• Stomach and intestinal (gastrointestinal) problems. Diarrhea, constipation, nausea, and vomiting are common with NINLARO and can sometimes be severe. Ask patients to call you if they get any of these symptoms and these symptoms do not go away during treatment with NINLARO. Tell your patients that you may prescribe medicine to help treat their symptoms
  • Nerve problems are common with NINLARO and may also be severe. Ask patients to tell you if they get any new or worsening symptoms including: tingling, numbness, pain, a burning feeling in their feet or hands, or weakness in their arms or legs
  • Swelling is common with NINLARO and can sometimes be severe. Ask patients to tell you if they develop swelling in their arms, hands, legs, ankles, or feet, or if they gain weight from swelling
  • Skin reactions. Ask patients to tell you if they get a new or worsening rash
  • Liver problems. Ask patients to tell you if they get these signs of a liver problem: yellowing of their skin or the whites of their eyes; pain in their right upper-stomach area

Other common side effects have occurred. Ask patients to tell you if they get new or worsening back pain, lowered white blood cells (neutropenia) that may increase the risk of infection, or vision conditions such as blurred vision, dry eye, or pink eye (conjunctivitis).

These are not all the possible side effects of NINLARO. Patients should call their doctor for medical advice about side effects. Patients may report side effects to FDA at 1-800-FDA-1088.

Help manage patients if a side effect occurs with NINLARO treatment

  1. IDENTIFY AND REPORT: Identify the adverse reaction, determine if it's a result of the treatment or the disease, and report as required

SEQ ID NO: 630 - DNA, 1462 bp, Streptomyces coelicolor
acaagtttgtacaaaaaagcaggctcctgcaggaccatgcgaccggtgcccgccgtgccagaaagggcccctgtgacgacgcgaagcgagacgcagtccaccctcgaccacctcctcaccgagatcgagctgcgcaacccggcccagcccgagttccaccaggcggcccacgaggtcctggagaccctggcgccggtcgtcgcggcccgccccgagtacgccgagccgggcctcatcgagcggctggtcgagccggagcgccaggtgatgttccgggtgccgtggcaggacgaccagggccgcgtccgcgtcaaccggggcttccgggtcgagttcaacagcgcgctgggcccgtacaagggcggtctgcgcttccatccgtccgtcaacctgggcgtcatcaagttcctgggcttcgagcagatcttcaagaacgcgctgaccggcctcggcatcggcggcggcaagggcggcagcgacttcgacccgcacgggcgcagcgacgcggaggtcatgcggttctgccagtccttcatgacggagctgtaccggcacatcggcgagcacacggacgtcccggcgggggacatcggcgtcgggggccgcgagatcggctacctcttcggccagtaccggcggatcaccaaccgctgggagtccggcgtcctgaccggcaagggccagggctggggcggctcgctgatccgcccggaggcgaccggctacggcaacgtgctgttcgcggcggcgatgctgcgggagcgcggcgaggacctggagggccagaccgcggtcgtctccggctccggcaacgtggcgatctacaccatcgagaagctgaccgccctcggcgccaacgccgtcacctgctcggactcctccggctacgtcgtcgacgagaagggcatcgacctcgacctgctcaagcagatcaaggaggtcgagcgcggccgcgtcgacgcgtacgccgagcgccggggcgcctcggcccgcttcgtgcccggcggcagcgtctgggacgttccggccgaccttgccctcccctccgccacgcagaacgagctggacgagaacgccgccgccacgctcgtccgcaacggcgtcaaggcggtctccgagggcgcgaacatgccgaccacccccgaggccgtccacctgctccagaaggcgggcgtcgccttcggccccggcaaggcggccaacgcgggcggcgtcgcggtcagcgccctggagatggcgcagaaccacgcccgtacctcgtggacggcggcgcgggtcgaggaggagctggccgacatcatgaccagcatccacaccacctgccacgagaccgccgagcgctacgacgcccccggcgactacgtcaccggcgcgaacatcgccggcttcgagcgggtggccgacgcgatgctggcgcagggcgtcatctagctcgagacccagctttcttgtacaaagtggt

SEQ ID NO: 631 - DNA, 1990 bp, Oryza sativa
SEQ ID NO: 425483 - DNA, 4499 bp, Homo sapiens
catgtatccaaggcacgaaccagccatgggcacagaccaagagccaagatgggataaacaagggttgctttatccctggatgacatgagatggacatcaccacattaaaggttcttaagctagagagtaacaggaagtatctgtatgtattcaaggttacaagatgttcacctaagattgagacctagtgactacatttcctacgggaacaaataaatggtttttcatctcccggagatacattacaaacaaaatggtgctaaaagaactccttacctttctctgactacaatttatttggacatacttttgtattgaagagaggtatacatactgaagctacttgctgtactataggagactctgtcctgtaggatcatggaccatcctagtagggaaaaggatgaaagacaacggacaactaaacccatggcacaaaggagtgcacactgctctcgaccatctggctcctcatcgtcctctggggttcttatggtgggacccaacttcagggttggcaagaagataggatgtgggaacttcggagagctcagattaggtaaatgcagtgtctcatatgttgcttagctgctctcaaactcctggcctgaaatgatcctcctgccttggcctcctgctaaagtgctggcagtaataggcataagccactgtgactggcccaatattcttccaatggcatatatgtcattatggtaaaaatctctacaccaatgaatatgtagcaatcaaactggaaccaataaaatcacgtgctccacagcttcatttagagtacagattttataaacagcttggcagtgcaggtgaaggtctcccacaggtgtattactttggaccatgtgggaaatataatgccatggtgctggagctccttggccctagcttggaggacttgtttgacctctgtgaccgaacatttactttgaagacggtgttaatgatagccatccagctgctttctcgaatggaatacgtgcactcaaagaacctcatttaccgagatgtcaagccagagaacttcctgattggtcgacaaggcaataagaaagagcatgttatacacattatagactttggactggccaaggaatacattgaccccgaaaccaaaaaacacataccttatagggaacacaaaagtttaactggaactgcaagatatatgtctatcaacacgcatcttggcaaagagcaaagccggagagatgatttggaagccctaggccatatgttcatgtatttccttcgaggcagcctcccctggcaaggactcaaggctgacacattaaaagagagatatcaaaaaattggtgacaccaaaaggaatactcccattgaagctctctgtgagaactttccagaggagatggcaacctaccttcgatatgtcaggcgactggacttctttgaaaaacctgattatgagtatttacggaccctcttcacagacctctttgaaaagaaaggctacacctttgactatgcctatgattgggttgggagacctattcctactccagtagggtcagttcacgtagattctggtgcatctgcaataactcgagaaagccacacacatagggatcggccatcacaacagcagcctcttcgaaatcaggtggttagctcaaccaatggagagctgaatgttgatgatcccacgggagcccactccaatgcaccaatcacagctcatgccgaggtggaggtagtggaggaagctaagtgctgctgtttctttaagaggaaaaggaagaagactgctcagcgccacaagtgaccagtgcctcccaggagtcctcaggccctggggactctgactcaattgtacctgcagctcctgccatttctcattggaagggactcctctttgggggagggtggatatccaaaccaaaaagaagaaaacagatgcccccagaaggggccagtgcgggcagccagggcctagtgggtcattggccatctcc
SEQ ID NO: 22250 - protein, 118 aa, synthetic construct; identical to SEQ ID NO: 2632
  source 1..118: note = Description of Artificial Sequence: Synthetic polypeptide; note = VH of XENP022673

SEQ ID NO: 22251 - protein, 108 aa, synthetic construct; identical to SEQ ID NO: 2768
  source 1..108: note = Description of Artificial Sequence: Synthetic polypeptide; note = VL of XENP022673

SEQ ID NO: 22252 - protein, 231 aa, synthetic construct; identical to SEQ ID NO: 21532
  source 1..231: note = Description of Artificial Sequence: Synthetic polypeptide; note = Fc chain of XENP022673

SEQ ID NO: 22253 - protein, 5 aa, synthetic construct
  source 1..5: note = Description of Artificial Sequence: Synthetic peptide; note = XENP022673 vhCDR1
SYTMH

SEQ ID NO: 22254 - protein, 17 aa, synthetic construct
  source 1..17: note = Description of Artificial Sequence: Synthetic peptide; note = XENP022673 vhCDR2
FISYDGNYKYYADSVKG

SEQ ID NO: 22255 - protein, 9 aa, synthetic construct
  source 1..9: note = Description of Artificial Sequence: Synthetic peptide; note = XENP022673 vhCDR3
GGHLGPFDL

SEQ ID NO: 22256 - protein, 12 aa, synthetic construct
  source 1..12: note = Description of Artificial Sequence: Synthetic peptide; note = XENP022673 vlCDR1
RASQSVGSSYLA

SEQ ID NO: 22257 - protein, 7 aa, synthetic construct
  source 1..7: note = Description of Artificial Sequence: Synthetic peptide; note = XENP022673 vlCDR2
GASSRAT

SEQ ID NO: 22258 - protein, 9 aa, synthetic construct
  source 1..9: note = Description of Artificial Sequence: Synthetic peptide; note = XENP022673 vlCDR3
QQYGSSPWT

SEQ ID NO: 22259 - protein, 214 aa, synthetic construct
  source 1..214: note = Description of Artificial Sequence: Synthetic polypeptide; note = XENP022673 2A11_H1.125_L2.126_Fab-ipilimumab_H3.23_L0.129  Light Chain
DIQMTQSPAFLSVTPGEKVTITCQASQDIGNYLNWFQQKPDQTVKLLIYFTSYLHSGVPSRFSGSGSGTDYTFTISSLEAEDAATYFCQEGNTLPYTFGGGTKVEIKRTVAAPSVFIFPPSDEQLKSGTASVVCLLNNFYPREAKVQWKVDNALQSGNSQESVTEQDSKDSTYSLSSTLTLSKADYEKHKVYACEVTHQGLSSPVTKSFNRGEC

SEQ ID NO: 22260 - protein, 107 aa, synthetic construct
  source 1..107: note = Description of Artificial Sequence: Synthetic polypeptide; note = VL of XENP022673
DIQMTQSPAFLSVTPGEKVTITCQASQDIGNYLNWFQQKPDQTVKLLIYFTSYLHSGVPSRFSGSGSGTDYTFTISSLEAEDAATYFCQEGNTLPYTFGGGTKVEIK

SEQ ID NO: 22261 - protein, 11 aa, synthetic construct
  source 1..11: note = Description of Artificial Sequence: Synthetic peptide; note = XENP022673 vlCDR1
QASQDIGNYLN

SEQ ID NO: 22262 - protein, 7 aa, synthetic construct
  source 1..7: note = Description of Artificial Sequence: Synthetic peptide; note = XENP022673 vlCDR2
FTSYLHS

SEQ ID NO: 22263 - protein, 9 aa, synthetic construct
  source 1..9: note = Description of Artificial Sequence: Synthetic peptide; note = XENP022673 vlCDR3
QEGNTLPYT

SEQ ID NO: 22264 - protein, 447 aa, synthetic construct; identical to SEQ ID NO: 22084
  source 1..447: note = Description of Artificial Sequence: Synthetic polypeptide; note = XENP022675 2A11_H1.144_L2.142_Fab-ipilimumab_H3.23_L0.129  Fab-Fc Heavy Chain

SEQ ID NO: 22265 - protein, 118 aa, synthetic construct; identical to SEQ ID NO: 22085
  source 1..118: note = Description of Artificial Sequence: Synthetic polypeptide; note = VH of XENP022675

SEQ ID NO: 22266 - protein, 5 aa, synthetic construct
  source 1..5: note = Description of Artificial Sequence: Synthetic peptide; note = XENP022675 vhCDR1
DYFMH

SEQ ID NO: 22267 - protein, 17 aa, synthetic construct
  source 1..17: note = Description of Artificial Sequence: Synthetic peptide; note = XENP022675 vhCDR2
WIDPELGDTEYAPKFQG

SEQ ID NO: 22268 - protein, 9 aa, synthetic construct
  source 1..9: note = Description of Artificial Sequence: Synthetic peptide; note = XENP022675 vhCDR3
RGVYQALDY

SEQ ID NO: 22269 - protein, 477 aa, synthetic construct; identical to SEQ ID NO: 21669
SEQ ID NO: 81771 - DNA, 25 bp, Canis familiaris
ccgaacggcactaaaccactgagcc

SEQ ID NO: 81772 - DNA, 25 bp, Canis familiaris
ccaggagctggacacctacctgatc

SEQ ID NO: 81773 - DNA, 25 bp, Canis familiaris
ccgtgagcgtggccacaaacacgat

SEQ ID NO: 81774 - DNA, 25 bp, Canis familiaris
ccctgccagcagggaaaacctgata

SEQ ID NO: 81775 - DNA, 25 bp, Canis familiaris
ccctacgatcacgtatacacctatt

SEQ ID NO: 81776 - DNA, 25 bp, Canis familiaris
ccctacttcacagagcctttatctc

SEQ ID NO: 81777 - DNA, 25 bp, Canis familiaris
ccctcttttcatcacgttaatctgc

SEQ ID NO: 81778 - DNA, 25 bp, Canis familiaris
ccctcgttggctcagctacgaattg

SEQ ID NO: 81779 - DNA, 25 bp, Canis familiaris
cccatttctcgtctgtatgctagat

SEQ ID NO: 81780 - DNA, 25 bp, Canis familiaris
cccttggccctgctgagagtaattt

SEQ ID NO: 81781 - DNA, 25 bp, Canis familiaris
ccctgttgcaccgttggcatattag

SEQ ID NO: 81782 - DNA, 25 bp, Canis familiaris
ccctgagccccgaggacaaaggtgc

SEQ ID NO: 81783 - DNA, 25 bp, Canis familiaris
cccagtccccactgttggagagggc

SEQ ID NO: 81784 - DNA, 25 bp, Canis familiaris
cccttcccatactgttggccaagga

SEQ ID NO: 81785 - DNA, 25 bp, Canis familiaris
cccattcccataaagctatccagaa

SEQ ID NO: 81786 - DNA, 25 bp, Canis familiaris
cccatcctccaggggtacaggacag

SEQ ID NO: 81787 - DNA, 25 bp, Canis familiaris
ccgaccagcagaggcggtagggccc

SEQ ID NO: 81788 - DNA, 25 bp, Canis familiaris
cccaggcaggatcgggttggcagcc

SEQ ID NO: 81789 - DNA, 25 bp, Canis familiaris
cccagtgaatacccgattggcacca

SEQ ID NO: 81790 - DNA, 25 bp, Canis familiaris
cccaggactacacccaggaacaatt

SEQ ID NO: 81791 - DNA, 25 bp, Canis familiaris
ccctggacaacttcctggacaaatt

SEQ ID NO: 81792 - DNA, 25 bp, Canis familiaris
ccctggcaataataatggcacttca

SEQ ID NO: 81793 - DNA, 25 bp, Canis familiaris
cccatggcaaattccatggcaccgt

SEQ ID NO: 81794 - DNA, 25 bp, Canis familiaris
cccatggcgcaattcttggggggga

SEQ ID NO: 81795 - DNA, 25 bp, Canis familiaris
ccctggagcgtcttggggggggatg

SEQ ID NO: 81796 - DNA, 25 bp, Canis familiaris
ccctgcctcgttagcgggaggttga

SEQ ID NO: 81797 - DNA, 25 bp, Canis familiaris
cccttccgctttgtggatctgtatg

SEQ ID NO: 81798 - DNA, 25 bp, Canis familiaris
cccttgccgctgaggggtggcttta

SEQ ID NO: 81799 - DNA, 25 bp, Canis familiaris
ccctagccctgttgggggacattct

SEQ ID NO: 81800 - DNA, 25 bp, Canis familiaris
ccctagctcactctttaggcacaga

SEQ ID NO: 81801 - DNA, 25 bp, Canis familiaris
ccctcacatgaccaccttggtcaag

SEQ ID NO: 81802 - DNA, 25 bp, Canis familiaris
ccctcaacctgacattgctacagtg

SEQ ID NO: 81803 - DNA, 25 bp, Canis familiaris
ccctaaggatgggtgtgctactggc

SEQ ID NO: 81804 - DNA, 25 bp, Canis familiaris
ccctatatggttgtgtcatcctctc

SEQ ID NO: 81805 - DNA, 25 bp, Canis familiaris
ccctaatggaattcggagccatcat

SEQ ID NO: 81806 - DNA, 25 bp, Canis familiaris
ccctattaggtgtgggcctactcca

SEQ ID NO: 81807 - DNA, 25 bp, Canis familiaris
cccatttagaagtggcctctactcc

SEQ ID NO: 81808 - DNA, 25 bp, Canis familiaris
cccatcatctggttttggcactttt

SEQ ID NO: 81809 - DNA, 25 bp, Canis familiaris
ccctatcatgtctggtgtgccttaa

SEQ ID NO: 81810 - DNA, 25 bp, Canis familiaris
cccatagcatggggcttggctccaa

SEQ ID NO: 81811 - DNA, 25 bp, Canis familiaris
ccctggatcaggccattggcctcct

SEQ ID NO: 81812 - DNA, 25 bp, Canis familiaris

2. ASSESS: Use appropriate diagnostic and physical evaluations to monitor the severity of the symptom
  3. MANAGE: Implement the appropriate pharmacologic or nonpharmacologic intervention

To learn more about the possible side effects and management strategies for NINLARO, download the adverse event management tool.

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For information on dose modification guidelines for thrombocytopenia, neutropenia, PN, rash, and other nonhematologic toxicities, click here.

To review the list of concomitant medications for consideration, click here.

Speaking with your patients about NINLARO® (ixazomib) administration

Counsel patients on how to take NINLARO

Primary PFS analysis

Per the clinical trial for NINLARO, talk to your patients about the importance of remaining on therapy until disease progression or unacceptable toxicity

Factors that may impact patient adherence include18,19:

  • Poor communication between patient and healthcare team
  • Patient belief that the drugs were not needed or not working
  • Side effects

See a list of key assessment questions for monitoring patient adherence.

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How can you help empower your patients?

  • Create an open-communication environment
  • Create trust, and build credibility with the patient
  • Remain nonjudgmental and curious
  • Learn what is important to each patient, and customize your approach